Want preservative-free sriracha but don't have time to make your own? Jolene Collins makes (and sells) her own high-end artisanal sriracha. Would you like to watch?
Ding Baozhen (1820-1886) was a governor of Sichuan province during the Qing dynasty. The emperor bestowed upon him the title Gōng Bǎo - "palatial guardian". He supervised the reconstruction of the Dujiangyan Irrigation System. But he achieved immortality through the dish named for him: Kung Pao Chicken. [more inside]
Each bite brought a delicate balance between pleasure and pain—deliciously peppery flavor, bought at the price of having your mouth feel like you’d swallowed fire. But the pain was a good pain, somehow. It forced you to slow down and experience each bite, and that’s a rare experience these days. No one mindlessly gobbles Sichuan hot pot, simply because it’s physically impossible to do so without powerful anesthetic.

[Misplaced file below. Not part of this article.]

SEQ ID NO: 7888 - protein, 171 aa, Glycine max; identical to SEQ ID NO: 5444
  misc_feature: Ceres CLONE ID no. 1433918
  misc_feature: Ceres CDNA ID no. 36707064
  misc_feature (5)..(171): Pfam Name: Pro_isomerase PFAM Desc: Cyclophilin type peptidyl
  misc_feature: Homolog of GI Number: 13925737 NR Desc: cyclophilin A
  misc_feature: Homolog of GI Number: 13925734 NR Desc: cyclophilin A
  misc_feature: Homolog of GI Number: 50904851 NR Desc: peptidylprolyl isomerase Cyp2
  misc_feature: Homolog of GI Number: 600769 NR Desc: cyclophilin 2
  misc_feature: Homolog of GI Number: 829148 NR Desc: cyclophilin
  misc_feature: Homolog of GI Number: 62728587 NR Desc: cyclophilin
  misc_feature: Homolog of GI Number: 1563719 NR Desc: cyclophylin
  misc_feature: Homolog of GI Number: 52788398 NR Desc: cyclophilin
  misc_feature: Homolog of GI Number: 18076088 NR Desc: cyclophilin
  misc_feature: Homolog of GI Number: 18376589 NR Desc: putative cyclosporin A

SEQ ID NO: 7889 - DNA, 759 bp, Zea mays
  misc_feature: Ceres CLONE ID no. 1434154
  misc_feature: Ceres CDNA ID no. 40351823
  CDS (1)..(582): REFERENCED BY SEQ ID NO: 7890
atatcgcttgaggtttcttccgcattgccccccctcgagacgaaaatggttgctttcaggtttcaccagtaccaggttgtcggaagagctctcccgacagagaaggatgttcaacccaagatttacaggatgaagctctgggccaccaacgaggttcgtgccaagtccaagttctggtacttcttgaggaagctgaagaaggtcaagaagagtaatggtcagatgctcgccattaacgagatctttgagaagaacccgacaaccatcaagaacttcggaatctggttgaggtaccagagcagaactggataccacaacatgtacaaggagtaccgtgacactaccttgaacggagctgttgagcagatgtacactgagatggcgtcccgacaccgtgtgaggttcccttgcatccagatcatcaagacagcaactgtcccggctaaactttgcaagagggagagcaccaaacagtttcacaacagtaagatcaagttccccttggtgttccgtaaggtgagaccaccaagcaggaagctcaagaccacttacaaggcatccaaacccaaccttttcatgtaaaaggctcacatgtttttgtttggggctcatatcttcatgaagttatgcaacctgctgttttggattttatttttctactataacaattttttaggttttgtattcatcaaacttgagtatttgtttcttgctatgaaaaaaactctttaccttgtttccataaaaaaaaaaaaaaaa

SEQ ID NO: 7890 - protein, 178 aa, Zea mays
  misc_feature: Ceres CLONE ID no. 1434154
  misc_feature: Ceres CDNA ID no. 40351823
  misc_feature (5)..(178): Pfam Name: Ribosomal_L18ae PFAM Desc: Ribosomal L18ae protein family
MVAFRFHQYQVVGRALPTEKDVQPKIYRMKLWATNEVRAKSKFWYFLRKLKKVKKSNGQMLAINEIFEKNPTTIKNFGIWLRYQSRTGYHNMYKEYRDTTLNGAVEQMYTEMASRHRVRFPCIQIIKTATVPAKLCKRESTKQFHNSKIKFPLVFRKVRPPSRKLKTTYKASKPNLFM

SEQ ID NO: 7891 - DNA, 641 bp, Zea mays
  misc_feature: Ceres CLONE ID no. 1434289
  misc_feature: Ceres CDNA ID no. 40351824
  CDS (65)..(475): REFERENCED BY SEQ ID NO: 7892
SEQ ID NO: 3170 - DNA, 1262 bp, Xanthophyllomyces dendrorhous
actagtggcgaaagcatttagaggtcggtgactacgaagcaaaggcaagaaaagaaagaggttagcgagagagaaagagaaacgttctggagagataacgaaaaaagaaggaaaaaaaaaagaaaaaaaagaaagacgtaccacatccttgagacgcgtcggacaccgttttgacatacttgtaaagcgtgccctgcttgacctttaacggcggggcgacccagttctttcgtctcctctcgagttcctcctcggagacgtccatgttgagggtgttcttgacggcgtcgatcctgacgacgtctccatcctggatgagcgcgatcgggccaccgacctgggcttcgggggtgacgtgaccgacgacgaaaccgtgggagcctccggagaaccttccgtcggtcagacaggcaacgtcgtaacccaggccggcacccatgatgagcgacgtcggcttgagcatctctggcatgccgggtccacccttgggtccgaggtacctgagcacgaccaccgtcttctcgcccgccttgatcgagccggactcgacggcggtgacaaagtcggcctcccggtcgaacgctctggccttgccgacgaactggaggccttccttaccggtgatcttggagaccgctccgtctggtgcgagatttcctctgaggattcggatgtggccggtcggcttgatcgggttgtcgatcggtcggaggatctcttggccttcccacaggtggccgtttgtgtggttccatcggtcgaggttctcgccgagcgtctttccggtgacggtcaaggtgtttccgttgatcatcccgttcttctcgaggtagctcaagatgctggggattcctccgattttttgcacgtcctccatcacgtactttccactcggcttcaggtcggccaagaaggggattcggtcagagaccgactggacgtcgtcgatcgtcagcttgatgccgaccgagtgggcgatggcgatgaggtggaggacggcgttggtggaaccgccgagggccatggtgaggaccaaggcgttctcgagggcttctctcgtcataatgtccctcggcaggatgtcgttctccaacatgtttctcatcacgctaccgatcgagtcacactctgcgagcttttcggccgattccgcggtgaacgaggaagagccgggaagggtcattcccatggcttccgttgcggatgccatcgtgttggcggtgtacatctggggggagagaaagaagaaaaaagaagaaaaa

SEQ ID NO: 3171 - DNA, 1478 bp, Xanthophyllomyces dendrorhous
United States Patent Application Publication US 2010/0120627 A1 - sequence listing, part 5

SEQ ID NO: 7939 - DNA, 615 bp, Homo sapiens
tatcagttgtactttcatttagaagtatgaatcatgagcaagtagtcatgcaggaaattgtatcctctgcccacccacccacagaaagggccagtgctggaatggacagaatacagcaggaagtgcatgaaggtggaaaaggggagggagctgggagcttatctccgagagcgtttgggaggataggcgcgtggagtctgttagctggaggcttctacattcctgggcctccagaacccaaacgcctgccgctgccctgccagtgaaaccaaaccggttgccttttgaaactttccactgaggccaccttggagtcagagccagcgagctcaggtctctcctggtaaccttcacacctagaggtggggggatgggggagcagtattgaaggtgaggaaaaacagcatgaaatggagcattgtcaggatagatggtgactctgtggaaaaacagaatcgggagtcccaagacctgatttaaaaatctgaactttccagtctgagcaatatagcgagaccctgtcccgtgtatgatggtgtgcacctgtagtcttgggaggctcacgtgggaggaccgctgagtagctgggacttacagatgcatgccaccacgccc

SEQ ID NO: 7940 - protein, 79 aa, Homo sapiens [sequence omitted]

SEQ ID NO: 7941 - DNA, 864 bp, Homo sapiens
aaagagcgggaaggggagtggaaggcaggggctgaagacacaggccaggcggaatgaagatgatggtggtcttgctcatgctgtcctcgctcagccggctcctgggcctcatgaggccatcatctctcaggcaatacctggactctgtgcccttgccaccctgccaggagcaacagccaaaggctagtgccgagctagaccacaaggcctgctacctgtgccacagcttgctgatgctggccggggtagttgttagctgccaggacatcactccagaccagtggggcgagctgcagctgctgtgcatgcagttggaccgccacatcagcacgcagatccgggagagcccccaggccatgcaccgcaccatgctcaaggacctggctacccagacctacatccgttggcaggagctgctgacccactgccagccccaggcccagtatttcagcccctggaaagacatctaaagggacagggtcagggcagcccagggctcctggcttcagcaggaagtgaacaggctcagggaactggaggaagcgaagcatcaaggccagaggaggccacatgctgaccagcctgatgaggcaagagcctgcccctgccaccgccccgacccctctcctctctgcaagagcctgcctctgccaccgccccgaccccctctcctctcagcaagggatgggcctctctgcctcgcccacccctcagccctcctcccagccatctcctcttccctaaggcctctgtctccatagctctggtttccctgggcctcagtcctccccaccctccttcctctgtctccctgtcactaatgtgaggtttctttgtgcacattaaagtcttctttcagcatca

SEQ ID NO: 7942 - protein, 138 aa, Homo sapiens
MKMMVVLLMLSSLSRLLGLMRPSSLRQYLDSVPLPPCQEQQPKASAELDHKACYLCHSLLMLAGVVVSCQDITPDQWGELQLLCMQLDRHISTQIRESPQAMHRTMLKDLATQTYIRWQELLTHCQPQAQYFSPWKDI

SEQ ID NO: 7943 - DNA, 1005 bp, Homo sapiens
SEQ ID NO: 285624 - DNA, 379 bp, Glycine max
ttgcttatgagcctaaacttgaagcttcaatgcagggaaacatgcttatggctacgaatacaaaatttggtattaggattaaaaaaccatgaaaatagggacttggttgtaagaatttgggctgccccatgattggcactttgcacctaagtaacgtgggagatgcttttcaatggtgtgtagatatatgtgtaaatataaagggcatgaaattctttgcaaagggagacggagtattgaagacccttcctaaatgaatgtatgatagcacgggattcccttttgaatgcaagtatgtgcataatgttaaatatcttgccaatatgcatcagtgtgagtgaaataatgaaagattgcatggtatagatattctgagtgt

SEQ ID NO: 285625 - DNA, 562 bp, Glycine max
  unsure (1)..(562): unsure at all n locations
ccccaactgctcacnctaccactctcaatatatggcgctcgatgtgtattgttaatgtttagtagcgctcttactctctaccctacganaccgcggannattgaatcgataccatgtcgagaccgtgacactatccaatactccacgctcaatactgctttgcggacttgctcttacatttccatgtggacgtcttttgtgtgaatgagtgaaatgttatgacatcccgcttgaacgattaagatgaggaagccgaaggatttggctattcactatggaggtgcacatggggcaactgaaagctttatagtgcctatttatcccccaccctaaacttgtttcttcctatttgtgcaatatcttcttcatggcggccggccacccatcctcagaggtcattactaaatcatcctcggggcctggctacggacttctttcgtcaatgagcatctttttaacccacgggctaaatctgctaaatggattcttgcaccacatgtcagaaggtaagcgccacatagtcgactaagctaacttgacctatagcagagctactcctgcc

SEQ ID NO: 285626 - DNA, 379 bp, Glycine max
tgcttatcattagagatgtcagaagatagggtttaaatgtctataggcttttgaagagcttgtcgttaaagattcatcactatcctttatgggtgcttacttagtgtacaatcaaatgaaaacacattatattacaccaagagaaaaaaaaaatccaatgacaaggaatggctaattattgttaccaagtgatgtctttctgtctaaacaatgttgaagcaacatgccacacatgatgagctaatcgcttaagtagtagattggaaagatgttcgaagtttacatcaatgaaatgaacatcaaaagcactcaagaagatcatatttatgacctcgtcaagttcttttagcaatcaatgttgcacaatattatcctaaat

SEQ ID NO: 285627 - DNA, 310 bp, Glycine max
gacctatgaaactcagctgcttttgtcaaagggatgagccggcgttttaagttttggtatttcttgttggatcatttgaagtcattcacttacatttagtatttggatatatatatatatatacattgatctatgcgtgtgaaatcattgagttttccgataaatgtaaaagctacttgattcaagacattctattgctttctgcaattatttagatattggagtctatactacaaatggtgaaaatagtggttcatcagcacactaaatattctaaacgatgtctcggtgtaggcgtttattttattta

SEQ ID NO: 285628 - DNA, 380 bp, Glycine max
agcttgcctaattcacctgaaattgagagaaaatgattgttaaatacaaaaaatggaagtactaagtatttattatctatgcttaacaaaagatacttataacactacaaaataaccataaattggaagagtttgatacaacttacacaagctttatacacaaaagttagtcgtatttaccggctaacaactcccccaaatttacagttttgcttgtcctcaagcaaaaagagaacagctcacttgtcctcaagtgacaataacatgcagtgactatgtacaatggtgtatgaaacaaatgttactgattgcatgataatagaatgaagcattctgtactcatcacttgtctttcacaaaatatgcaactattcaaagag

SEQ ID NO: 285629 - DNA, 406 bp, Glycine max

The Southern Foodways Alliance is one weighed-down church-supper table, full of oral history/blog projects like The Tamale Trail, the Boudin Trail, interviews and recipes from the Bartenders of New Orleans, photo essay/interviews from Birmingham's Greek-Americans, a mess o'homemade films, and a passel of event and BBQ-shack photos on Flickr, all smothered in the tangy-sweet academic goodness of the Center for the Study of Southern Culture at Ole Miss. These folks get my vote for most flavorful, funkiest food-loving folklorists in the lower forty-eight. [more inside]
Hotter and Hotter: The search for an ever more potent chile burn just got serious with The Source from Original Juan (fun flash here) at over 7 million Scoville Units. Not far to go now before pure capsaicin, at 16 million, becomes the condiment of choice. So is food becoming so unpalatable we need to set our tongues on fire first? Are our taste buds doing a Jonestown or what? (First link via Instapundit)